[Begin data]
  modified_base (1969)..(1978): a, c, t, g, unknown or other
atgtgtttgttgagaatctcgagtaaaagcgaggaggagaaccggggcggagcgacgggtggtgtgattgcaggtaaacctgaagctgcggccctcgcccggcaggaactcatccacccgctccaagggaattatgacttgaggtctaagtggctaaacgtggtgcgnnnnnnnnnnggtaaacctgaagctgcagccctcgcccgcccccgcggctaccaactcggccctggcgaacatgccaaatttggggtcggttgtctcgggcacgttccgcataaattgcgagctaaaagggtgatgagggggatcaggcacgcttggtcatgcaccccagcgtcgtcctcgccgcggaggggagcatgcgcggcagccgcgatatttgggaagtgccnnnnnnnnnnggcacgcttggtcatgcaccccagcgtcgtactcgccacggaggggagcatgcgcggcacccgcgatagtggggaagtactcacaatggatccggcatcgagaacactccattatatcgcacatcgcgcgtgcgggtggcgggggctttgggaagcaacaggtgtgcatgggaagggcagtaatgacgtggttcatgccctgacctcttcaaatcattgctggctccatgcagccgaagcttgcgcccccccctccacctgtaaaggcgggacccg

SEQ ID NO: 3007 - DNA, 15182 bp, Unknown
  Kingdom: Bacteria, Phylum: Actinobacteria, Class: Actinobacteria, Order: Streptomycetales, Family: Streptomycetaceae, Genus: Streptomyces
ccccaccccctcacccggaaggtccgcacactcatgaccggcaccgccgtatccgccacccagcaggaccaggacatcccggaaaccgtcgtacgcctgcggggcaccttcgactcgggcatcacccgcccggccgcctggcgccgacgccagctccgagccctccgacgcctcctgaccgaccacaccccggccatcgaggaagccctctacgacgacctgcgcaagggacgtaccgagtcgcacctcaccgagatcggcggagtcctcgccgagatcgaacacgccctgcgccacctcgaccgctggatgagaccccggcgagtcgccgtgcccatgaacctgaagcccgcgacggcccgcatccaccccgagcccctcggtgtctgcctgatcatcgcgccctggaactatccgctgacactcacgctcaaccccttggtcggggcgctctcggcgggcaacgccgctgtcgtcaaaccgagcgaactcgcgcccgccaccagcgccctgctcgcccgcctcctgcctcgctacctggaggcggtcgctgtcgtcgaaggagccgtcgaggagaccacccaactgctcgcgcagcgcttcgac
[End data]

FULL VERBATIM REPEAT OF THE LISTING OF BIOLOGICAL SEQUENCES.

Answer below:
  modified_base (1969)..(1978): a, c, t, g, unknown or other
atgtgtttgttgagaatctcgagtaaaagcgaggaggagaaccggggcggagcgacgggtggtgtgattgcaggtaaacctgaagctgcggccctcgcccggcaggaactcatccacccgctccaagggaattatgacttgaggtctaagtggctaaacgtggtgcgnnnnnnnnnnggtaaacctgaagctgcagccctcgcccgcccccgcggctaccaactcggccctggcgaacatgccaaatttggggtcggttgtctcgggcacgttccgcataaattgcgagctaaaagggtgatgagggggatcaggcacgcttggtcatgcaccccagcgtcgtcctcgccgcggaggggagcatgcgcggcagccgcgatatttgggaagtgccnnnnnnnnnnggcacgcttggtcatgcaccccagcgtcgtactcgccacggaggggagcatgcgcggcacccgcgatagtggggaagtactcacaatggatccggcatcgagaacactccattatatcgcacatcgcgcgtgcgggtggcgggggctttgggaagcaacaggtgtgcatgggaagggcagtaatgacgtggttcatgccctgacctcttcaaatcattgctggctccatgcagccgaagcttgcgcccccccctccacctgtaaaggcgggacccg

SEQ ID NO: 3007 - DNA, 15182 bp, Unknown
  Kingdom: Bacteria, Phylum: Actinobacteria, Class: Actinobacteria, Order: Streptomycetales, Family: Streptomycetaceae, Genus: Streptomyces
ccccaccccctcacccggaaggtccgcacactcatgaccggcaccgccgtatccgccacccagcaggaccaggacatcccggaaaccgtcgtacgcctgcggggcaccttcgactcgggcatcacccgcccggccgcctggcgccgacgccagctccgagccctccgacgcctcctgaccgaccacaccccggccatcgaggaagccctctacgacgacctgcgcaagggacgtaccgagtcgcacctcaccgagatcggcggagtcctcgccgagatcgaacacgccctgcgccacctcgaccgctggatgagaccccggcgagtcgccgtgcccatgaacctgaagcccgcgacggcccgcatccaccccgagcccctcggtgtctgcctgatcatcgcgccctggaactatccgctgacactcacgctcaaccccttggtcggggcgctctcggcgggcaacgccgctgtcgtcaaaccgagcgaactcgcgcccgccaccagcgccctgctcgcccgcctcctgcctcgctacctggaggcggtcgctgtcgtcgaaggagccgtcgaggagaccacccaactgctcgcgcagcgcttcgac